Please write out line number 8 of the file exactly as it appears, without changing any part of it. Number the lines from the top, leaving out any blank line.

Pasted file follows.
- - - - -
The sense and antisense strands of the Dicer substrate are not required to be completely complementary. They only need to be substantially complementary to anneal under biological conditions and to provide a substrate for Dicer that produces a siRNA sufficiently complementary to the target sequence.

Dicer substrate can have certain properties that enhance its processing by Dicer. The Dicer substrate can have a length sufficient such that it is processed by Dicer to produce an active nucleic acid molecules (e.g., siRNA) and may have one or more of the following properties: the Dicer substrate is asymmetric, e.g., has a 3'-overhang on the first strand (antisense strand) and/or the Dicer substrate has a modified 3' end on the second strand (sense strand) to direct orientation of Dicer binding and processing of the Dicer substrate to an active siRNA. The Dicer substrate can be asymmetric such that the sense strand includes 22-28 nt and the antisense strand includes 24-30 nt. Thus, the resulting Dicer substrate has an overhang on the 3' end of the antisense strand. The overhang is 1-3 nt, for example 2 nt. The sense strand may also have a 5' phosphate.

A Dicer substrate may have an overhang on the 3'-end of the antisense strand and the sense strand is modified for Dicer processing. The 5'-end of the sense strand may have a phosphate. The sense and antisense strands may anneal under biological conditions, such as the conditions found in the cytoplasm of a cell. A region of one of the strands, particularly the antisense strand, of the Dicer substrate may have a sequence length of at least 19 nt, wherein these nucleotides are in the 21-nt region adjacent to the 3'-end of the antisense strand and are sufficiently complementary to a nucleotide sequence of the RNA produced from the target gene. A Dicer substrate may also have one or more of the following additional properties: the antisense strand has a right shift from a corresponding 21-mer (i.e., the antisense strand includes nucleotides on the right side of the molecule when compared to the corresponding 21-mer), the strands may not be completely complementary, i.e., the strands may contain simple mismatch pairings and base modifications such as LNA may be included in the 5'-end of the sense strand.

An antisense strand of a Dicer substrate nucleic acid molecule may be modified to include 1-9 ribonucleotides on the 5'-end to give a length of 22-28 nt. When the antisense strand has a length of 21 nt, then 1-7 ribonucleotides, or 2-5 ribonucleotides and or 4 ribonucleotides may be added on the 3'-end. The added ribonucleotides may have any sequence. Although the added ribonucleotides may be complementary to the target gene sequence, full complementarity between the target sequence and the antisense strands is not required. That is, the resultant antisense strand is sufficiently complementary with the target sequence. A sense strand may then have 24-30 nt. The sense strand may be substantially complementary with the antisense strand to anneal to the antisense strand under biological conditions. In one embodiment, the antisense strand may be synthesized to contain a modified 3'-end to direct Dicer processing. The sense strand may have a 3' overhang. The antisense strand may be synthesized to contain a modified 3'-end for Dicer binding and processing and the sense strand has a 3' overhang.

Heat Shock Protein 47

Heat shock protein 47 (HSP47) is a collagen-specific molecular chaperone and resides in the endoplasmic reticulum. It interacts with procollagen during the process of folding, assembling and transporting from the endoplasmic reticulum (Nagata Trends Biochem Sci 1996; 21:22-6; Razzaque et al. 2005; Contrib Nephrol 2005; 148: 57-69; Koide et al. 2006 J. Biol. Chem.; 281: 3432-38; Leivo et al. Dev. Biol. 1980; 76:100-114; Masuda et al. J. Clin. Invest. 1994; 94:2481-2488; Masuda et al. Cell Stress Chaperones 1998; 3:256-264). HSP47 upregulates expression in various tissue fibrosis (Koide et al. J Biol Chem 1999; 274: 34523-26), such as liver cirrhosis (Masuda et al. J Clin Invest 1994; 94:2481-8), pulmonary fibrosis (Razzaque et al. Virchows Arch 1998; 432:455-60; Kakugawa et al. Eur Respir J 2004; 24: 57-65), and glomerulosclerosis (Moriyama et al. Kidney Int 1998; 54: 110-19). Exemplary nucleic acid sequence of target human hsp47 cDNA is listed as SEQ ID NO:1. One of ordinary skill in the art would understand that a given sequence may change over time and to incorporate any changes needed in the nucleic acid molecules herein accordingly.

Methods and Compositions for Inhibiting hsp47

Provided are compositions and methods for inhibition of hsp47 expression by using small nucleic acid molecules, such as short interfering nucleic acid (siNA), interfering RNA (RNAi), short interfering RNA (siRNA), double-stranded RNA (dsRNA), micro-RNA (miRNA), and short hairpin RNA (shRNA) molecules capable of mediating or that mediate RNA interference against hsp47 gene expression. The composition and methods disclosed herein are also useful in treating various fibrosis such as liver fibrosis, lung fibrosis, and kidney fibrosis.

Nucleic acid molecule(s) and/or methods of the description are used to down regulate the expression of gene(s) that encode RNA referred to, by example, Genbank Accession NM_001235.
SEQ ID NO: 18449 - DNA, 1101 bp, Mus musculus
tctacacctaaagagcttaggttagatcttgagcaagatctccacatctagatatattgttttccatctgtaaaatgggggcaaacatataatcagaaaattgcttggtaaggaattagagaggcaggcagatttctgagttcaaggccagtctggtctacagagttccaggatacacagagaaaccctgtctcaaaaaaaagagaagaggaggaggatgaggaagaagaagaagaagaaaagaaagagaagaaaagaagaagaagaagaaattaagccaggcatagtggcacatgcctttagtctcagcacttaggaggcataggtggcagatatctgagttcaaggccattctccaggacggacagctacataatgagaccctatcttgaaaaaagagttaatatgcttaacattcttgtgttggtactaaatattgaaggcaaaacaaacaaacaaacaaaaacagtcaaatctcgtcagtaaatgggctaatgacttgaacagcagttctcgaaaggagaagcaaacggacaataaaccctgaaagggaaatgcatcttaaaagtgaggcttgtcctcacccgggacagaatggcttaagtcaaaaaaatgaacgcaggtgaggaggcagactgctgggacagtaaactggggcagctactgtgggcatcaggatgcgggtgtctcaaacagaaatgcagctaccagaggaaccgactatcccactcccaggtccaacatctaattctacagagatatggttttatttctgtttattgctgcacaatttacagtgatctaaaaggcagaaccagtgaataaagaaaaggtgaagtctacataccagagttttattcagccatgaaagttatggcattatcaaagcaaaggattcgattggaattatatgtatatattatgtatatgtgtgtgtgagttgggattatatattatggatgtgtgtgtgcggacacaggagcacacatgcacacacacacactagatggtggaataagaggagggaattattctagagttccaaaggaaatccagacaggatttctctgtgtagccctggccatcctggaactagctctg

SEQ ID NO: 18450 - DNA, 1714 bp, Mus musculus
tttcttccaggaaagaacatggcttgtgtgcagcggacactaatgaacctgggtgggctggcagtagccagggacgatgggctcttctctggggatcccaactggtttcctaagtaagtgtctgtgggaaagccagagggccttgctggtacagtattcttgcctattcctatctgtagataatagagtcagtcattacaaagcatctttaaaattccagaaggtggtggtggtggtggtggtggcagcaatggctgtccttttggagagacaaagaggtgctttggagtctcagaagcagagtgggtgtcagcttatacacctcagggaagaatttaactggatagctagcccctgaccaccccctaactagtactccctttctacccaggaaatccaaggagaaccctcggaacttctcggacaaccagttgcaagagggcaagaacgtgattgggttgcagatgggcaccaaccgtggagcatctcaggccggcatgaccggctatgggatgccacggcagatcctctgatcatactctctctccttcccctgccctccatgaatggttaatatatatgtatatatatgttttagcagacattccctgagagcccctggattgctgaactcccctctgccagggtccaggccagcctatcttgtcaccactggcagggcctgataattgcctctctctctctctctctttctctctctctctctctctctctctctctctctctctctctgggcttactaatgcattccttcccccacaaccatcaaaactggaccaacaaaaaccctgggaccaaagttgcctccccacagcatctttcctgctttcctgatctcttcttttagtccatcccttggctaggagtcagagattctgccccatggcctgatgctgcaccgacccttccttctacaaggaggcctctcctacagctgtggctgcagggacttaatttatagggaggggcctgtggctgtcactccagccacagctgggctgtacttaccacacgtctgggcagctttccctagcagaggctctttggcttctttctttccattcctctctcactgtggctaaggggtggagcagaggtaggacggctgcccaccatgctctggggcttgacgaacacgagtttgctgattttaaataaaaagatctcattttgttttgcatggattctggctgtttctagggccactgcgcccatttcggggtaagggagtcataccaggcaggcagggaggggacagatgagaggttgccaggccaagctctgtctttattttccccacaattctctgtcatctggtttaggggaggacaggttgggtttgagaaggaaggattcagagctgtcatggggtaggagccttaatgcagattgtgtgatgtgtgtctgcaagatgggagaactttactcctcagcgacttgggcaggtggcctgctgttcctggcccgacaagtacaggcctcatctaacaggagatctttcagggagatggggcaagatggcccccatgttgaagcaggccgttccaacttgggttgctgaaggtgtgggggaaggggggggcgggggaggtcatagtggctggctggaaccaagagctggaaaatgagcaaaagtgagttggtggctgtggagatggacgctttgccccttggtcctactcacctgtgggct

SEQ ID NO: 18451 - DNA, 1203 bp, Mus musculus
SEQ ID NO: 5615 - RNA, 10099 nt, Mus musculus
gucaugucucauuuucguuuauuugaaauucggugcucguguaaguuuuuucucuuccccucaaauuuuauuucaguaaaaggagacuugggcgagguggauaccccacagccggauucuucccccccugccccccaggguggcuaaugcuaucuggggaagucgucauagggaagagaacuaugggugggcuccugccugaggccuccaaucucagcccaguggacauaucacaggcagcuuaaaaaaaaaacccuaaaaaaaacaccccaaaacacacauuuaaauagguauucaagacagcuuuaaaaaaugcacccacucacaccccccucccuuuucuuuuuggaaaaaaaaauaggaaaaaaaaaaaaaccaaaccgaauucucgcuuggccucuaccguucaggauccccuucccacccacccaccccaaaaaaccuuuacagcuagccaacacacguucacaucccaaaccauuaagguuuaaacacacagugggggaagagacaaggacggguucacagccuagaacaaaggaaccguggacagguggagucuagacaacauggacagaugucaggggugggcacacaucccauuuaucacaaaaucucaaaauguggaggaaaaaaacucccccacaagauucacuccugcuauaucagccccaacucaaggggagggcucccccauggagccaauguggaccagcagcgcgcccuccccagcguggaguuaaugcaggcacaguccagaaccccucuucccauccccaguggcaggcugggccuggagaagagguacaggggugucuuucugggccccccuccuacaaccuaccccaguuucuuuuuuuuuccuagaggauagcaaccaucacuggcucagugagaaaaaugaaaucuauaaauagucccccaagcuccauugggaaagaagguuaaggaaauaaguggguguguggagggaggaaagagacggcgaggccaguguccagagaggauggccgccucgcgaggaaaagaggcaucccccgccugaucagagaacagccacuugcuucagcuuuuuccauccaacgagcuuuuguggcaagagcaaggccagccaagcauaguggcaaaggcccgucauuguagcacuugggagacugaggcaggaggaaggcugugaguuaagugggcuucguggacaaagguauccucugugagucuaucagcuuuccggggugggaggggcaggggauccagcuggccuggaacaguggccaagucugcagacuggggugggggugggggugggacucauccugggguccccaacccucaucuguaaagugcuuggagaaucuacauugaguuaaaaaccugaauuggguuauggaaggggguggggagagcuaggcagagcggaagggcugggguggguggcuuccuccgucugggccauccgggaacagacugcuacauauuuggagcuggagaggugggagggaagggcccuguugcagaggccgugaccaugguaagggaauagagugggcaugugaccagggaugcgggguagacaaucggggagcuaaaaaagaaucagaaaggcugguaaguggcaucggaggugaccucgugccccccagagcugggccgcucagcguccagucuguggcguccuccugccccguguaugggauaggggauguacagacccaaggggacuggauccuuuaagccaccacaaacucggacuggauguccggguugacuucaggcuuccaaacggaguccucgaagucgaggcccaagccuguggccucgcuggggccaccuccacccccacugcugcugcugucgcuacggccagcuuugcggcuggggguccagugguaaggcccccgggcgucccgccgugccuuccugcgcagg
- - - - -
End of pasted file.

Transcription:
Provided are compositions and methods for inhibition of hsp47 expression by using small nucleic acid molecules, such as short interfering nucleic acid (siNA), interfering RNA (RNAi), short interfering RNA (siRNA), double-stranded RNA (dsRNA), micro-RNA (miRNA), and short hairpin RNA (shRNA) molecules capable of mediating or that mediate RNA interference against hsp47 gene expression. The composition and methods disclosed herein are also useful in treating various fibrosis such as liver fibrosis, lung fibrosis, and kidney fibrosis.